23. To the contention that Section 17(1) having contemplated issuance of notice in writing to a "licence-holder" to deliver up the licence to it within such time as may be prescribed in the notice" it is provided as per Sub-section 3(e), therefore, that a licence can be revoked duly when the terms of the notice are not complied with, there are three answers. Firstly, according to us, the requirement of the "notice" contemplated under Section 17(1) is to be satisfied when alicence is duly and validly issued in accordance with the provisions of the Act as the notice has to be issued to a person who has duly and lawfully acquired the status of a "licence-holder". Evidently, that status can be conferred by a legally constituted "licensing authority", discharging duties and functions as per procedure prescribed in the Act. Secondly, when there is an order that a licence in question is void because that has not been validly issued and there is no order to any person to "deliver up" the licence, there can be no scope for any complaint under Section 17(1) which contemplates notice for that purpose while the impugned order, in terms, renders that purpose redundant. Thirdly, as held in the Assam Full Bench case (Haji Mohd. Hasan AH (AIR 1969 Assam 50) (supra) pre-deci-sional hearing is not contemplated for revocation of a licence. As we have already expressed the view that the "licence" issued under the Act confers only a "privilege" the holding in Bishnu Borah's case (AIR 1984 SC 898) (supra) is also attracted. Their Lordships have held in that case that a complaint of violation of principles of natural justice in respect of a privilege, is impermissible. Support for our view, we find also in Liberty Oil Mills' case, AIR 1984 SC 1271 which justifies the ratio of Assam Full Bench decision. The law now, it seems, is well-settled that the rule audi alteram partem applies differently to different situations and when provision exists for a post-decisional hearing at some Stage denial of pre-decisional hearing is not fatal. In the Assam case it was held that the licensee being provided with the opportunity of hearing in appeal, revocation ex parte cannot be invalid.
24. Evidently, in the instant case, the licences issued to the petitioners by Shri Yadav were not authorised by Section 13, being not issued in accordance with the statutory requirement of the postulated legal authority. Indeed Shri Yadav could not exercise that authority under Section 2(f) and Rules 2(f) and 4. Those licences were ineffective and invalid therefore, they conferred no legal authority on any person to hold or possess any fire-arm to satisfy the requirements of Section 3. Indeed, Shri Yadav not being the "licensing authority" authorised to issue any licence unde- the Act, it shall be deemed that the applications made by the petitioners under Section 33 had not been disposed of because the order passed by Shri Yadav in the purported exercise of powers of the "licensing authority" under Section 13(2-A) was a void order. The petitioners are accordingly possessing the weapons without any authority of law and they are required under Section 21 to deposit the same in accordance with provisions thereof. Indeed, their possession of those weapons has ceased to be lawful on the impugned order in that regard being passed by District Magistrate, Bhind. It is true that Section 25 contemplates prosecution for a weapon unlawfully possessed, but the petitioners cannot claim that their applications for renewal have to be considered on the footing that prosecution has not been launched as yet. On the other hand, we are of the view that the petitioners have no right to renewal of invalid licences, issued to them unlawfully. The right secured to them for consideration of their application for issuing them valid licences under Section 13 shall, however, not be deemed lost as we have held that any order which was passed by Shri Yadav granting them licences is a nullity.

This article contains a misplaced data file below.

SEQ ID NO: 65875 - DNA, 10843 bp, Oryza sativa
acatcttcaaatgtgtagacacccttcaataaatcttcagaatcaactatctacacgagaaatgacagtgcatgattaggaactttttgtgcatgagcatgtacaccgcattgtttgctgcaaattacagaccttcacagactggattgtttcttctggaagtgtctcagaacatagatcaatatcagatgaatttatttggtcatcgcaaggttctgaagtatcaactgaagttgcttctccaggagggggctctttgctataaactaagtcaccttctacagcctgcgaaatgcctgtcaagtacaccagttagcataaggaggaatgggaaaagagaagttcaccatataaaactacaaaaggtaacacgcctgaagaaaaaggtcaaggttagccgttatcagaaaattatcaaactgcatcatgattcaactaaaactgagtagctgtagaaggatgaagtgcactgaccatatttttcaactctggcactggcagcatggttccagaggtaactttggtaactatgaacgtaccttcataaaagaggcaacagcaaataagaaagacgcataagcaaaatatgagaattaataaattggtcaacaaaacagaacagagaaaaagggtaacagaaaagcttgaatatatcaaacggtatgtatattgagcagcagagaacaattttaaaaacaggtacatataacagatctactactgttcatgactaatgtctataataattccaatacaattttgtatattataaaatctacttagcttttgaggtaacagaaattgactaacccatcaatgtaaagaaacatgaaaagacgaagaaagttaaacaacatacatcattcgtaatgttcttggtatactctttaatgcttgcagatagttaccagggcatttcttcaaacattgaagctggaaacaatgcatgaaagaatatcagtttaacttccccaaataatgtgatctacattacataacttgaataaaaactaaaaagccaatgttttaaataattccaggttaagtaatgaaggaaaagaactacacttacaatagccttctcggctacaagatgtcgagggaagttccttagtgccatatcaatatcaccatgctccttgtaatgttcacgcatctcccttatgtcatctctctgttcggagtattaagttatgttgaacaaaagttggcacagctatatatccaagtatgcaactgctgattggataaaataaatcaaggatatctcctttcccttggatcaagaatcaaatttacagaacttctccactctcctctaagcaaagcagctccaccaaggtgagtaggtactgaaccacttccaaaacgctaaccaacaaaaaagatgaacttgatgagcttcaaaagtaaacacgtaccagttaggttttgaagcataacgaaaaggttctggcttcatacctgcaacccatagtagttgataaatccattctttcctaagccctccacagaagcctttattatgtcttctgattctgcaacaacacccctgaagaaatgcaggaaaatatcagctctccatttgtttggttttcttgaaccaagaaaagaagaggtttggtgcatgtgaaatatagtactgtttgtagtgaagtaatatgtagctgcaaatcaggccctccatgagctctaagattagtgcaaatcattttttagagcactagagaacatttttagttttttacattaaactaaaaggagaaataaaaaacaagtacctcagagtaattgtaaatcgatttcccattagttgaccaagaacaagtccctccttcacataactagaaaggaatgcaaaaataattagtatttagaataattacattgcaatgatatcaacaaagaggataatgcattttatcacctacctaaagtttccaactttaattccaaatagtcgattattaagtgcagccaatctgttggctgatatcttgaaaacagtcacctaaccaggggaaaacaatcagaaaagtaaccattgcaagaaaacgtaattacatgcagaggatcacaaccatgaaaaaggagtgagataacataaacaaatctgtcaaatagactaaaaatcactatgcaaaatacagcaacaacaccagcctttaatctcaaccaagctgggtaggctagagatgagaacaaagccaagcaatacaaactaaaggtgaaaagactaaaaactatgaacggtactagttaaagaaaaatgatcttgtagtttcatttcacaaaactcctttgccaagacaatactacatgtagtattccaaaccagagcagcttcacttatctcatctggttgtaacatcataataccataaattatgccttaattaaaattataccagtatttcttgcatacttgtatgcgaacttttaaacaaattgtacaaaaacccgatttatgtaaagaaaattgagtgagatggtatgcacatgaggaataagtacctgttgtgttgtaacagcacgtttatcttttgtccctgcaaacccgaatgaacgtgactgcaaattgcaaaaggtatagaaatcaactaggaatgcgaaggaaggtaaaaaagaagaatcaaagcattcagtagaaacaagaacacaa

25. For all the aforesaid reasons, we uphold and confirm order dated 7-7-1990, passed by District Magistrate, Bhind and also the several orders passed by Commissioner, Chambal Division, in the appeals preferred by the petitioners. However, we direct that after the petitioners deposit the weapons acquired and possessed by them severally or after those have been seized from them as per impugned order, the District Magistrate shall consider afresh separately applications of each of the petitioners for disposing of the same in accordance with the provisions of Section 13. This direction we are making because it has been submitted to us that Bhind is a dacoit-infested area and the case of each of the petitioners for grant of a gun-licence to him for his protection has to be examined separately to see if be has a "good reason for obtaining licence" applied for as contemplated under Section 13(3)(b). Obviously, when any petitioner is granted a licence in accordance with law, he shall then be entitled to claim return, as per Section 21(2), of the gun deposited by him or seized from him.
26. The petitions are accordingly disposed of in terms of the directions hereinabove made. There shall be no order as to costs.
27. This order shall also dispose of M.P. Nos. 53 of 1991 (Kamlesh v. State of Madhya Pradesh), 85 of 1991 (Kripashankar Sharma), 138 of 1991 (Vasudeo Prasad), 18 of 1991 (Dheer Singh) 181 of 1991 (Prayag Singh), and M.P. No. 349 of 1991 (Radheshyam); respondents in all cases being the State of Madhya Pradesh).